Factors that will determine the leaders in the hydrogen revolution include:
Policy support: Governments that support research, development, and deployment of hydrogen technologies with favorable policies, subsidies, and incentives.
Natural resources: Countries with abundant renewable energy (like wind or solar) can produce green hydrogen more efficiently.
Infrastructure development: Building the necessary infrastructure, like refueling stations and pipelines, will be crucial.
Market dynamics: Companies that innovate and commercialize hydrogen technologies will drive leadership in their respective countries.
However, the geopolitical and economic landscape can shift, and new technological advancements can emerge, making predictions subject to change.
Where to invest in Hydrogen?
These countries' focus on hydrogen derives from the growing realization that hydrogen can play a pivotal role in achieving net-zero emissions, especially in sectors where direct electrification is challenging. As global priorities shift towards cleaner energy solutions, more countries will likely intensify their hydrogen investments.
Recognizing the Leaders
Countries such as Canada, Japan, South Korea, and Germany are countries with hydrogen strategy goals already outlined, reflecting their commitment to a hydrogen-powered future. They offer a combination of mature markets, technological prowess, and government support, making them primary contenders for hydrogen investments.
While the likes of China and the United States are colossal markets, their hydrogen ecosystems are still evolving. This presents potential investors with both opportunities and challenges. Their sheer market size and increasing governmental support indicate a promising trajectory.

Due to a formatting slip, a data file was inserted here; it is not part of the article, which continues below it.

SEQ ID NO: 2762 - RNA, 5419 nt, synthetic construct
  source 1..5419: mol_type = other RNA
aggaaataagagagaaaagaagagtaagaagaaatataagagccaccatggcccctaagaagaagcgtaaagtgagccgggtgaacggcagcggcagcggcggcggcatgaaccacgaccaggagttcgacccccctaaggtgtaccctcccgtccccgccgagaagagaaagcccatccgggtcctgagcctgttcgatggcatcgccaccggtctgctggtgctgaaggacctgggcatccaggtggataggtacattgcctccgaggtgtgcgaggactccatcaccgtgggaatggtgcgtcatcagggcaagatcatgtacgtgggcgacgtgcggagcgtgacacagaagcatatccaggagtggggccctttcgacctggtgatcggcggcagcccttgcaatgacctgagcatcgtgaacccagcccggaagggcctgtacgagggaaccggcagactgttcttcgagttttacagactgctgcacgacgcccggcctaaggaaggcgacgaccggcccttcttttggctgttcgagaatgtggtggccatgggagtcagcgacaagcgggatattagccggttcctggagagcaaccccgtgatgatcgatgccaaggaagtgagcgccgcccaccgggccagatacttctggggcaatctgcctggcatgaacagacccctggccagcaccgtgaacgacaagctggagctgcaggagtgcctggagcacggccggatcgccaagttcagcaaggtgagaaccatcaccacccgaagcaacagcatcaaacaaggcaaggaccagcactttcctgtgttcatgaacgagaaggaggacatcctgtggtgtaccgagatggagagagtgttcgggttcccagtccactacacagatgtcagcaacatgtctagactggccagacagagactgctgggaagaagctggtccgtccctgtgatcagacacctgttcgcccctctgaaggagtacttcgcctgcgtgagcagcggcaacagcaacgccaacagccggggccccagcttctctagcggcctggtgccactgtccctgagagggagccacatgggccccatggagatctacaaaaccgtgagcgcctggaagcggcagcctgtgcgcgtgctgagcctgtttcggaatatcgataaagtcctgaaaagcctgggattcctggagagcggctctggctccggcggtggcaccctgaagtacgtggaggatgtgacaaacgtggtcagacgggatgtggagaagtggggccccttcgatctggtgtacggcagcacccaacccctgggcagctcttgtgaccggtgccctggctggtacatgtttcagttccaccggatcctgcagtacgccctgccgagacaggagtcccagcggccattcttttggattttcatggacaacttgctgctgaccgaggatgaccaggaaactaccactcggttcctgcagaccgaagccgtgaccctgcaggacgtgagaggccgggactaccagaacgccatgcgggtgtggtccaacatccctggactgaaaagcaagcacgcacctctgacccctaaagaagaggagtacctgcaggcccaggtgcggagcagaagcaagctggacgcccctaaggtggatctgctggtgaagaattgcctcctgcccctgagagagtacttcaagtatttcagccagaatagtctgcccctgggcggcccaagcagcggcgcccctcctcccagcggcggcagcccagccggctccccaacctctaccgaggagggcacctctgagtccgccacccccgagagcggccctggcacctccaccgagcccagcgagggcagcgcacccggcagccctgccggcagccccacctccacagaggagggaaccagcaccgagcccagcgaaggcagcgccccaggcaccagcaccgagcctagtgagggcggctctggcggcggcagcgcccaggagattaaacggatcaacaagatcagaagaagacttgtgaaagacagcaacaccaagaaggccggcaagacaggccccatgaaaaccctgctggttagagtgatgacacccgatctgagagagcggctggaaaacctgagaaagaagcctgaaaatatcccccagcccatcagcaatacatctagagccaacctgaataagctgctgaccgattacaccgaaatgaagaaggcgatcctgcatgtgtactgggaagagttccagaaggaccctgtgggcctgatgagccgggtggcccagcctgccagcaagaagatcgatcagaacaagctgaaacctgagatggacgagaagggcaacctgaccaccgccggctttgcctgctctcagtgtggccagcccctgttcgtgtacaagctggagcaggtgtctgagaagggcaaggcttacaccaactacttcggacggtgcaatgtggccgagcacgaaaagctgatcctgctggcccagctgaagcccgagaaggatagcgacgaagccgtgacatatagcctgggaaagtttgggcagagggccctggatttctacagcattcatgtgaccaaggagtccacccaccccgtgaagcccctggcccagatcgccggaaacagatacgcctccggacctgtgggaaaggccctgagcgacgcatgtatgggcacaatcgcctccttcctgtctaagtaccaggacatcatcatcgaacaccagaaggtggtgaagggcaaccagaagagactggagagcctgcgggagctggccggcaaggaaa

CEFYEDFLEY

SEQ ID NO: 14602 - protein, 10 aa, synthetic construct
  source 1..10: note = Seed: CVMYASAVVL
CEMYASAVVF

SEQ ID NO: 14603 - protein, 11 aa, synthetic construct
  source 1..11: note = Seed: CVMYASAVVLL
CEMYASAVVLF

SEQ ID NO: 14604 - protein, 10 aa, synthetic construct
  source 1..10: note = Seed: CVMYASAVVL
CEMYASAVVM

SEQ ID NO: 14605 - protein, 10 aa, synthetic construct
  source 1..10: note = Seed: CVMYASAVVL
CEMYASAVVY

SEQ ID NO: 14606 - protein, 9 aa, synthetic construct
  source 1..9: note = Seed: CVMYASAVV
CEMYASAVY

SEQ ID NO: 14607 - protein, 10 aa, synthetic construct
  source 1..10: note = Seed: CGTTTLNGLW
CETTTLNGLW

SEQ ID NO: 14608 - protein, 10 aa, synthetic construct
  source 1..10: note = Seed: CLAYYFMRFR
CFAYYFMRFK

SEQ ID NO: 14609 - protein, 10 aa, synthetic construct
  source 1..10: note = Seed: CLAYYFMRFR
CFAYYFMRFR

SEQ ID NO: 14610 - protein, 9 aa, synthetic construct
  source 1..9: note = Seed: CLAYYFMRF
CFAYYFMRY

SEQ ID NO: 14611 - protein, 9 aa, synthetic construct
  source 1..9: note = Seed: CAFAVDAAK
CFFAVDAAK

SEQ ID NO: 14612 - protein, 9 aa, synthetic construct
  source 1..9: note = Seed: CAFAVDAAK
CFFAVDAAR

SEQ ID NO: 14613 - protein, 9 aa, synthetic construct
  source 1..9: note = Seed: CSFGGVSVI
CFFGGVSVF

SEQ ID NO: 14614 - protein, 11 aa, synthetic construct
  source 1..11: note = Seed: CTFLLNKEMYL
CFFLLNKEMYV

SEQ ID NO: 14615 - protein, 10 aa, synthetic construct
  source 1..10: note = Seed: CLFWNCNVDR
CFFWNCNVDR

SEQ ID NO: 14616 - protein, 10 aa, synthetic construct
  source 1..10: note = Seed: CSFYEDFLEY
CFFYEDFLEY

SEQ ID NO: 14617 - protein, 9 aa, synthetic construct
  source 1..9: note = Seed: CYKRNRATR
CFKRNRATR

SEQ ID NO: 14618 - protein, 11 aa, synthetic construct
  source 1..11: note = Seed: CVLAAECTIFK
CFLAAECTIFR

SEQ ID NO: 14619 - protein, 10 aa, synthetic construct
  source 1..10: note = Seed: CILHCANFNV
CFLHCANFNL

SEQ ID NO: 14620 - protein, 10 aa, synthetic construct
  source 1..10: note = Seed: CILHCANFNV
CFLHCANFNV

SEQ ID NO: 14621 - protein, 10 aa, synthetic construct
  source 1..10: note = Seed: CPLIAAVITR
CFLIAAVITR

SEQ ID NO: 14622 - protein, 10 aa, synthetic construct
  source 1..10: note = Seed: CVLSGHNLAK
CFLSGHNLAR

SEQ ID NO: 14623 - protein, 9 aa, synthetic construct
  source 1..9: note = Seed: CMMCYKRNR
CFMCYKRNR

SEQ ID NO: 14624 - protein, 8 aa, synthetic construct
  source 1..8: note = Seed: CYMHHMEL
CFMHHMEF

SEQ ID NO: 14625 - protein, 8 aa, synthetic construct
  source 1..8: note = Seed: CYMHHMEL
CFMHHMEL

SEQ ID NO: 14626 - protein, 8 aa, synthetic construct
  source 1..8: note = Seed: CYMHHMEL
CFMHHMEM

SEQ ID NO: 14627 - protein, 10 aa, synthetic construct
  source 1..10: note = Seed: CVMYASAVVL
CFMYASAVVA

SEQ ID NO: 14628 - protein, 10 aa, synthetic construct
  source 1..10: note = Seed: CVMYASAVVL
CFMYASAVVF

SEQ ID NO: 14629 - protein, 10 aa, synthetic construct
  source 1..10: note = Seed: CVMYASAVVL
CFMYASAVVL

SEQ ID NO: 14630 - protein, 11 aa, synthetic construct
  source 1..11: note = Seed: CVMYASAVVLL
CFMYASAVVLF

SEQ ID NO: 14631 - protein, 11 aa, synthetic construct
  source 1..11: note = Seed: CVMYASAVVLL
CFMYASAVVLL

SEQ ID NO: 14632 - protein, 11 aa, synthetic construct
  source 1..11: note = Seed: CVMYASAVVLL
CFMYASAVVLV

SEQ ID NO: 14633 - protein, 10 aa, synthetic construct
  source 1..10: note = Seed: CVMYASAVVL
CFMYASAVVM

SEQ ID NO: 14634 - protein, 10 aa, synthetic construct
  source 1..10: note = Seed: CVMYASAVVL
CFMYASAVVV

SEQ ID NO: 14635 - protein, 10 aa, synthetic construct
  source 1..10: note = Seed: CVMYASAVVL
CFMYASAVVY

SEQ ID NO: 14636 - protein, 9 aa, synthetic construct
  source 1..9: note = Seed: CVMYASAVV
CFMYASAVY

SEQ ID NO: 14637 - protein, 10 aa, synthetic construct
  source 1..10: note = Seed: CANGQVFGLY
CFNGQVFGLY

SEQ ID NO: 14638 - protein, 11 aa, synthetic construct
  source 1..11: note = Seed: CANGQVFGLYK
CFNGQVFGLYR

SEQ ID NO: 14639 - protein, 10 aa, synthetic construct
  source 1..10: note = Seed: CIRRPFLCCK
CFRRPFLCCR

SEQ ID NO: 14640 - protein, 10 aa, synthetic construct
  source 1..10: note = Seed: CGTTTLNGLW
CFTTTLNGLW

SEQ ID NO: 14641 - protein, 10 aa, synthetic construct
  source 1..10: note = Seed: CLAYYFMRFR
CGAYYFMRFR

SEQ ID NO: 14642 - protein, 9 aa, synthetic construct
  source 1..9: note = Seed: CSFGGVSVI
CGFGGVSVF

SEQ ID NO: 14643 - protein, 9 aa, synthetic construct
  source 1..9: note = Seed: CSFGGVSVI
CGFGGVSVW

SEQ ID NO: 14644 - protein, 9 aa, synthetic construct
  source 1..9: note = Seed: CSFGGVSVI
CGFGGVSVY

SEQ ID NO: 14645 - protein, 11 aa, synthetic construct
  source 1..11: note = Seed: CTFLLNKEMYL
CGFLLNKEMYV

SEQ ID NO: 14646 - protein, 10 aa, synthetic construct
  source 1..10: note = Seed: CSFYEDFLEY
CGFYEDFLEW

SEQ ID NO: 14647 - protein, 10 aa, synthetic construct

Research and development are pivotal to driving down costs and enhancement of hydrogen efficiency. Countries boasting strong R&D infrastructures, like the United Kingdom and France, may present lucrative investment opportunities, particularly in the innovation sector.
Infrastructure and Supply Chain
It's not just about producing hydrogen; transporting and storing it are equally critical. Investing in nations that are building robust hydrogen infrastructure, be it pipelines or refueling stations, could yield dividends. Australia, with its ambitions to export to Asian markets, is an example of a country gearing up its infrastructure.
While green hydrogen (derived from renewable sources) is the most sustainable form, blue hydrogen (from natural gas with carbon capture) and grey hydrogen (from natural gas without carbon capture) are still prevalent. Read about the spectrum of hydrogen colors.
Countries with vast natural gas reserves, like Norway and Russia, or abundant renewable energy, like New Zealand and Chile, can be focal points for diverse hydrogen production methods.
Keep an eye on the private sector. Companies at the cutting edge of hydrogen technology, from fuel cells to electrolyzers, can be potential game-changers. Their home countries often provide supportive ecosystems for these innovations to thrive.